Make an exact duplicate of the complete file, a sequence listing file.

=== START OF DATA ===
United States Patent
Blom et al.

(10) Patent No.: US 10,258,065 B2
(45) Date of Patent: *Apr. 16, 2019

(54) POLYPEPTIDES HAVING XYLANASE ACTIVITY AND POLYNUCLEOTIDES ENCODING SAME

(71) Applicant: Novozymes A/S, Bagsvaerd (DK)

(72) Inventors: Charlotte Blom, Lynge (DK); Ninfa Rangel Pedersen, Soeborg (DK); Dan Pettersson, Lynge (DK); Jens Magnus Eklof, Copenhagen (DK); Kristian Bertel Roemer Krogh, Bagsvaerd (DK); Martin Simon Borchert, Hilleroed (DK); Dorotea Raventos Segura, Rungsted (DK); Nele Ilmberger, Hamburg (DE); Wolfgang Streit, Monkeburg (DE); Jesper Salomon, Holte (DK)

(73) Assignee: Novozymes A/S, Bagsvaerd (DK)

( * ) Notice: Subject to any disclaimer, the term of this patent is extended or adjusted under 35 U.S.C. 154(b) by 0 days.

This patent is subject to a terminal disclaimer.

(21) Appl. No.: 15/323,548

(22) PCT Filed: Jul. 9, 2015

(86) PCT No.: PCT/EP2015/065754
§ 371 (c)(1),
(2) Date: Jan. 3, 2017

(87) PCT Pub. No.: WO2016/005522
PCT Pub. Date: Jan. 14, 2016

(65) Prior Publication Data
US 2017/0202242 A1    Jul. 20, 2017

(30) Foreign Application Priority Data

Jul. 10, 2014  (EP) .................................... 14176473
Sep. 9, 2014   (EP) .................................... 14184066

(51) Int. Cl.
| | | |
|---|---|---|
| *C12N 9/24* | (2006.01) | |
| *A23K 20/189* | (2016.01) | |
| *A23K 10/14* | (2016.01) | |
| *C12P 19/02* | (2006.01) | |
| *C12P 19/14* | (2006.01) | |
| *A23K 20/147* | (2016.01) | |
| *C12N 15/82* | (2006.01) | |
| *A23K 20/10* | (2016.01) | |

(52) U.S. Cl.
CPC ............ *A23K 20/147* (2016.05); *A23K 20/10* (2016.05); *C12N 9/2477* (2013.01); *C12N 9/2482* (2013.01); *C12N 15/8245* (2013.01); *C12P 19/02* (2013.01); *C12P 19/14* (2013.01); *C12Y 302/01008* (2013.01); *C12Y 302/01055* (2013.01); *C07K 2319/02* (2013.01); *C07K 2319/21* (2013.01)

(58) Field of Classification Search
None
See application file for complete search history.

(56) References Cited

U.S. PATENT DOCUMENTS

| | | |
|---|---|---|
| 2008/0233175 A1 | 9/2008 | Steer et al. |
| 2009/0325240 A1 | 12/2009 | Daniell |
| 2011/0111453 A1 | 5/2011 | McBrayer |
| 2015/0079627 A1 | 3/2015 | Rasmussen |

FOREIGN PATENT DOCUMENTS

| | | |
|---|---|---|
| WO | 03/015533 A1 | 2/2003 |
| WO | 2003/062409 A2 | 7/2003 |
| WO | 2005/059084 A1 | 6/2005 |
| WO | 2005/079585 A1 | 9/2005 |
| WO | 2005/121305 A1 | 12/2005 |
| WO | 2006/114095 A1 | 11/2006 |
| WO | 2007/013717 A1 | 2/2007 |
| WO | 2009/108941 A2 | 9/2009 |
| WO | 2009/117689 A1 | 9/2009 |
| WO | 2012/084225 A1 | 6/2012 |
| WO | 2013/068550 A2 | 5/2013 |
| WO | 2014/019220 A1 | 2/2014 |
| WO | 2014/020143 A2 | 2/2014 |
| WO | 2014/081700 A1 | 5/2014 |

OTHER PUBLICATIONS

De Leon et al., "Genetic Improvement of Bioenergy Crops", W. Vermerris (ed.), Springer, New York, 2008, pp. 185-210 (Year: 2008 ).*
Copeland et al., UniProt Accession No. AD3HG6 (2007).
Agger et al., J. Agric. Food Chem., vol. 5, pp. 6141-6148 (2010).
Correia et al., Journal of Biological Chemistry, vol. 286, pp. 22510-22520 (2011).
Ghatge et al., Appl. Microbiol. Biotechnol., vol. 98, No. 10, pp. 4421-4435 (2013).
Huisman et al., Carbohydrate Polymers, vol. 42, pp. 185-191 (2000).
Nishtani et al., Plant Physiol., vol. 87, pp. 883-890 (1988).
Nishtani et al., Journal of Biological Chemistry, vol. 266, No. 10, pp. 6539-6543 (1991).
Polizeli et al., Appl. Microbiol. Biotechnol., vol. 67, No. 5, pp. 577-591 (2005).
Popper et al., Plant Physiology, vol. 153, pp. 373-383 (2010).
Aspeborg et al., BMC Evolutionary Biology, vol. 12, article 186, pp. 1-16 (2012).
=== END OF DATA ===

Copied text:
United States Patent
Blom et al.

(10) Patent No.: US 10,258,065 B2
(45) Date of Patent: *Apr. 16, 2019

(54) POLYPEPTIDES HAVING XYLANASE ACTIVITY AND POLYNUCLEOTIDES ENCODING SAME

(71) Applicant: Novozymes A/S, Bagsvaerd (DK)

(72) Inventors: Charlotte Blom, Lynge (DK); Ninfa Rangel Pedersen, Soeborg (DK); Dan Pettersson, Lynge (DK); Jens Magnus Eklof, Copenhagen (DK); Kristian Bertel Roemer Krogh, Bagsvaerd (DK); Martin Simon Borchert, Hilleroed (DK); Dorotea Raventos Segura, Rungsted (DK); Nele Ilmberger, Hamburg (DE); Wolfgang Streit, Monkeburg (DE); Jesper Salomon, Holte (DK)

(73) Assignee: Novozymes A/S, Bagsvaerd (DK)

( * ) Notice: Subject to any disclaimer, the term of this patent is extended or adjusted under 35 U.S.C. 154(b) by 0 days.

This patent is subject to a terminal disclaimer.

(21) Appl. No.: 15/323,548

(22) PCT Filed: Jul. 9, 2015

(86) PCT No.: PCT/EP2015/065754
§ 371 (c)(1),
(2) Date: Jan. 3, 2017

(87) PCT Pub. No.: WO2016/005522
PCT Pub. Date: Jan. 14, 2016

(65) Prior Publication Data
US 2017/0202242 A1    Jul. 20, 2017

(30) Foreign Application Priority Data

Jul. 10, 2014  (EP) .................................... 14176473
Sep. 9, 2014   (EP) .................................... 14184066

(51) Int. Cl.
| | | |
|---|---|---|
| *C12N 9/24* | (2006.01) | |
| *A23K 20/189* | (2016.01) | |
| *A23K 10/14* | (2016.01) | |
| *C12P 19/02* | (2006.01) | |
| *C12P 19/14* | (2006.01) | |
| *A23K 20/147* | (2016.01) | |
| *C12N 15/82* | (2006.01) | |
| *A23K 20/10* | (2016.01) | |

(52) U.S. Cl.
CPC ............ *A23K 20/147* (2016.05); *A23K 20/10* (2016.05); *C12N 9/2477* (2013.01); *C12N 9/2482* (2013.01); *C12N 15/8245* (2013.01); *C12P 19/02* (2013.01); *C12P 19/14* (2013.01); *C12Y 302/01008* (2013.01); *C12Y 302/01055* (2013.01); *C07K 2319/02* (2013.01); *C07K 2319/21* (2013.01)

(58) Field of Classification Search
None
See application file for complete search history.

(56) References Cited

U.S. PATENT DOCUMENTS

| | | |
|---|---|---|
| 2008/0233175 A1 | 9/2008 | Steer et al. |
| 2009/0325240 A1 | 12/2009 | Daniell |
| 2011/0111453 A1 | 5/2011 | McBrayer |
| 2015/0079627 A1 | 3/2015 | Rasmussen |

FOREIGN PATENT DOCUMENTS

| | | |
|---|---|---|
| WO | 03/015533 A1 | 2/2003 |
| WO | 2003/062409 A2 | 7/2003 |
| WO | 2005/059084 A1 | 6/2005 |
| WO | 2005/079585 A1 | 9/2005 |
| WO | 2005/121305 A1 | 12/2005 |
| WO | 2006/114095 A1 | 11/2006 |
| WO | 2007/013717 A1 | 2/2007 |
| WO | 2009/108941 A2 | 9/2009 |
| WO | 2009/117689 A1 | 9/2009 |
| WO | 2012/084225 A1 | 6/2012 |
| WO | 2013/068550 A2 | 5/2013 |
| WO | 2014/019220 A1 | 2/2014 |
| WO | 2014/020143 A2 | 2/2014 |
| WO | 2014/081700 A1 | 5/2014 |

OTHER PUBLICATIONS

De Leon et al., "Genetic Improvement of Bioenergy Crops", W. Vermerris (ed.), Springer, New York, 2008, pp. 185-210 (Year: 2008 ).*
Copeland et al., UniProt Accession No. AD3HG6 (2007).
Agger et al., J. Agric. Food Chem., vol. 5, pp. 6141-6148 (2010).
Correia et al., Journal of Biological Chemistry, vol. 286, pp. 22510-22520 (2011).
Ghatge et al., Appl. Microbiol. Biotechnol., vol. 98, No. 10, pp. 4421-4435 (2013).
Huisman et al., Carbohydrate Polymers, vol. 42, pp. 185-191 (2000).
Nishtani et al., Plant Physiol., vol. 87, pp. 883-890 (1988).
Nishtani et al., Journal of Biological Chemistry, vol. 266, No. 10, pp. 6539-6543 (1991).
Polizeli et al., Appl. Microbiol. Biotechnol., vol. 67, No. 5, pp. 577-591 (2005).
Popper et al., Plant Physiology, vol. 153, pp. 373-383 (2010).
Aspeborg et al., BMC Evolutionary Biology, vol. 12, article 186, pp. 1-16 (2012).